a2ad330
@smaug----
Collaborator

@zcorpan Do you know whether blink would be willing to make the change?
There is now a patch for Gecko to enable the spec behavior in Nightly builds.

@smaug----
Collaborator

http://dev.ckeditor.com/ticket/14814#ticket
So, this might not be web compatible enough.

@zcorpan zcorpan reopened this Sep 19, 2016
@zcorpan
Member
zcorpan commented Sep 20, 2016

Thanks. Without coordinating shipping this change in multiple browsers at the same time, I suppose this is unlikely to be successful. Do people still want to try to push this through or should we revert the spec and advice Web developers to insert the LF themselves if they want innerHTML to roundtrip?

cc @tkent-google @cdumez @travisleithead

@cdumez
Contributor
cdumez commented Sep 20, 2016

Seems like a risky change, especially given @smaug---- 's feedback.

@catrope
catrope commented Sep 20, 2016

It sounds like ckeditor was not expecting spec-compliant behavior from browsers, because almost all of them behave in the same non-compliant way. This probably means ckeditor breaks in Opera 12, but few people use that any more.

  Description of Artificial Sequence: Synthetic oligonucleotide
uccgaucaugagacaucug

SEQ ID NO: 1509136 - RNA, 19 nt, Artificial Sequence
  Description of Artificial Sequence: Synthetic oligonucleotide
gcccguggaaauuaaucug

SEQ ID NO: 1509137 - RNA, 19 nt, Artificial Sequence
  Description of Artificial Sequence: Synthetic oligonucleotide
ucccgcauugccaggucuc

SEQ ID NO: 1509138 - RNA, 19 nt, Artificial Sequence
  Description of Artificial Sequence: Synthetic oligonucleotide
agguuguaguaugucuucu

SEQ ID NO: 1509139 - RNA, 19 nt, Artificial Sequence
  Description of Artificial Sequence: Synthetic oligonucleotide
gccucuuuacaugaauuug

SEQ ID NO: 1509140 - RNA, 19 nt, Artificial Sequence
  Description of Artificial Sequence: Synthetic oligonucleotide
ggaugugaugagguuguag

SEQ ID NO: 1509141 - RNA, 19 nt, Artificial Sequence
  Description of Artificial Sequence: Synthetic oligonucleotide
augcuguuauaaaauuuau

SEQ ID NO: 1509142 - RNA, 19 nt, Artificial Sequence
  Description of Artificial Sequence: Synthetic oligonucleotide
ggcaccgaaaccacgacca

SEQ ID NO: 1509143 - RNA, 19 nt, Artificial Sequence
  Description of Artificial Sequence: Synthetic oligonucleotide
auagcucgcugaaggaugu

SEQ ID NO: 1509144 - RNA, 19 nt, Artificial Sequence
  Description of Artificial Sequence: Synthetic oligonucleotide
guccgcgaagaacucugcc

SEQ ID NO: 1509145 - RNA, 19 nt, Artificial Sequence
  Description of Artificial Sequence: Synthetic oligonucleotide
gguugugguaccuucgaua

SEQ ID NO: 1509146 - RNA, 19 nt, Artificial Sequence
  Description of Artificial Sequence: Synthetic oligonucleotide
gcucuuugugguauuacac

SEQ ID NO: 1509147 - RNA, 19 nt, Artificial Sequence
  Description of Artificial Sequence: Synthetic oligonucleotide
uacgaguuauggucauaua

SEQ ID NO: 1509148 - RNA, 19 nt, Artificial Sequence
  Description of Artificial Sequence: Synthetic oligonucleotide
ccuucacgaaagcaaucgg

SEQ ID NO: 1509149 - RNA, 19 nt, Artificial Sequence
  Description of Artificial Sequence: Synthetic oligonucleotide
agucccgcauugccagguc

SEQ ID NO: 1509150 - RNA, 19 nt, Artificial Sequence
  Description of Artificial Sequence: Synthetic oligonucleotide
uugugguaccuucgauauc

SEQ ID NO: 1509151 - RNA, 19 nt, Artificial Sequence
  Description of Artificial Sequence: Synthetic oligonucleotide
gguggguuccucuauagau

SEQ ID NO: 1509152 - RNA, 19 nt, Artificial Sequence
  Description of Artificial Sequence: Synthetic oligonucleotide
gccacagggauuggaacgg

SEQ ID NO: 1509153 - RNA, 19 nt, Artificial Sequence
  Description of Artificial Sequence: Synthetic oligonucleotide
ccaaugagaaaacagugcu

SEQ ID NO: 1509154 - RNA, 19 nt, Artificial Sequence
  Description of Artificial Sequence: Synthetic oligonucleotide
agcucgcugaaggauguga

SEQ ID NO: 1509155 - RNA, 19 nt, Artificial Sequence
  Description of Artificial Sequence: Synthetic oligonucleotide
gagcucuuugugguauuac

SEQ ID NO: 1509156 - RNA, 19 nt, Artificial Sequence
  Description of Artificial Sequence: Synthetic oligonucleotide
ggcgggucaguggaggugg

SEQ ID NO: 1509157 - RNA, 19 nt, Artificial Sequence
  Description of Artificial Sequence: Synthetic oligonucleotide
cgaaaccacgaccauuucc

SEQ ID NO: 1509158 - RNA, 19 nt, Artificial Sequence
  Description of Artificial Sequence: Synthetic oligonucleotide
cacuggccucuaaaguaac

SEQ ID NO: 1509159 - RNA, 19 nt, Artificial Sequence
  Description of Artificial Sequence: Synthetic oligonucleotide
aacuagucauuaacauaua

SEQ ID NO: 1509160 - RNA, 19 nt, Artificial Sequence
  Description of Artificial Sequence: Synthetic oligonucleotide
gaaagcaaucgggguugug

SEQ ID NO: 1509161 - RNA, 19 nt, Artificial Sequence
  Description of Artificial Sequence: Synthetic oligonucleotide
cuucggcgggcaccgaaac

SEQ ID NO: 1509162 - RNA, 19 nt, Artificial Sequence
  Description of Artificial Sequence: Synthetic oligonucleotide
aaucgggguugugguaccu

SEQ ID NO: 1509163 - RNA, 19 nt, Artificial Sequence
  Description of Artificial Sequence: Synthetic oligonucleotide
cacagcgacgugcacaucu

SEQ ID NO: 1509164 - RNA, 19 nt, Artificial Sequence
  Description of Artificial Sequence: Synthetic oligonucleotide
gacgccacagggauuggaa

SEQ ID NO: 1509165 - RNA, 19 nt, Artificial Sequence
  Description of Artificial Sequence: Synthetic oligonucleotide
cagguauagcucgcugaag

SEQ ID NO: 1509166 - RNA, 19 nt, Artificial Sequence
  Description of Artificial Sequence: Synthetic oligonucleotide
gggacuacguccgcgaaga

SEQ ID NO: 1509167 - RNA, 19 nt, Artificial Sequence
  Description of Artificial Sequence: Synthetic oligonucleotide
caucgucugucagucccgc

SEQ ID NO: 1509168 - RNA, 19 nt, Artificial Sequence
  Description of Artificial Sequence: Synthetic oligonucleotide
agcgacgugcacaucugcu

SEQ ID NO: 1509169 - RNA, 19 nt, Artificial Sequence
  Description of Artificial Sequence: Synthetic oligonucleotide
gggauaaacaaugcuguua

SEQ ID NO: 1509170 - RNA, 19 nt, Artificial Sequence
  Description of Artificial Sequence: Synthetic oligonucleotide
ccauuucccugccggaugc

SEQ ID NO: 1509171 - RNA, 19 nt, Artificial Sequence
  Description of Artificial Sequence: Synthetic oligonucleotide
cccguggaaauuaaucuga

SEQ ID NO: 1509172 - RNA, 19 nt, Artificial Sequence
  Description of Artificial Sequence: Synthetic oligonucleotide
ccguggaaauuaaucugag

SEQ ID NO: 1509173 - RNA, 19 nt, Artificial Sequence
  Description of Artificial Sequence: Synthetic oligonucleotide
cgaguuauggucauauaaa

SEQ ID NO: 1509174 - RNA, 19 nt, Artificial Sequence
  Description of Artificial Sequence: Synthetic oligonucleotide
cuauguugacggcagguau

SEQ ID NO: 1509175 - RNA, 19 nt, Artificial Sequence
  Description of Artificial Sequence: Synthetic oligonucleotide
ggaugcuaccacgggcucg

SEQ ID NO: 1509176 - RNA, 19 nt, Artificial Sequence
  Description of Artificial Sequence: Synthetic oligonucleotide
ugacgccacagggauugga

Wikipedia's visual editor works in both cases, because it detects whether the browser is compliant or eats newlines, and adjusts its behavior accordingly. We did this for future-proofing but also for compatibility with Opera 12.

@smaug----
Collaborator

FWIW, we're backing out the change in Nightly, and feels like we can't do the change ever unless every other browser do it also around the same time.

@zcorpan zcorpan self-assigned this Sep 23, 2016
@zcorpan zcorpan added a commit that referenced this issue Sep 23, 2016
@zcorpan zcorpan Don't serialize an extra LF in <pre>, <textarea>, <listing>
This was implemented in Presto in ~2012, and recently implemented
in Gecko, but it broke CKEditor (http://dev.ckeditor.com/ticket/14814#ticket)